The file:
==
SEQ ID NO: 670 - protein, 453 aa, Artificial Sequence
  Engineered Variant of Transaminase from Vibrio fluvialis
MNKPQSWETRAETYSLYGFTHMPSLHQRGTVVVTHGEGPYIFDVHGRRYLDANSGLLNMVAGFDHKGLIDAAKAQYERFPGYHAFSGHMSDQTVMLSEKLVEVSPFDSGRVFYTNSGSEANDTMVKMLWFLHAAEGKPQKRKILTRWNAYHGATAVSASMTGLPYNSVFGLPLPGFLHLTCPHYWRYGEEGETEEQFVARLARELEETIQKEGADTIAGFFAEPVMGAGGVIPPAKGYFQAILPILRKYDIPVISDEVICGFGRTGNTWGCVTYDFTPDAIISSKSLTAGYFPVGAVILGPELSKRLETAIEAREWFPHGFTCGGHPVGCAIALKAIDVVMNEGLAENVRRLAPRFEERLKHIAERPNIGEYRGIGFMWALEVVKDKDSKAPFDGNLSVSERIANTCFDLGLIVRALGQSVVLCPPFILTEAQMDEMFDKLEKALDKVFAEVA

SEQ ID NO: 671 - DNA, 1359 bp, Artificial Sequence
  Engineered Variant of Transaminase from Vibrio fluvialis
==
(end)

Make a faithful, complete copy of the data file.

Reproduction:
SEQ ID NO: 670 - protein, 453 aa, Artificial Sequence
  Engineered Variant of Transaminase from Vibrio fluvialis
MNKPQSWETRAETYSLYGFTHMPSLHQRGTVVVTHGEGPYIFDVHGRRYLDANSGLLNMVAGFDHKGLIDAAKAQYERFPGYHAFSGHMSDQTVMLSEKLVEVSPFDSGRVFYTNSGSEANDTMVKMLWFLHAAEGKPQKRKILTRWNAYHGATAVSASMTGLPYNSVFGLPLPGFLHLTCPHYWRYGEEGETEEQFVARLARELEETIQKEGADTIAGFFAEPVMGAGGVIPPAKGYFQAILPILRKYDIPVISDEVICGFGRTGNTWGCVTYDFTPDAIISSKSLTAGYFPVGAVILGPELSKRLETAIEAREWFPHGFTCGGHPVGCAIALKAIDVVMNEGLAENVRRLAPRFEERLKHIAERPNIGEYRGIGFMWALEVVKDKDSKAPFDGNLSVSERIANTCFDLGLIVRALGQSVVLCPPFILTEAQMDEMFDKLEKALDKVFAEVA

SEQ ID NO: 671 - DNA, 1359 bp, Artificial Sequence
  Engineered Variant of Transaminase from Vibrio fluvialis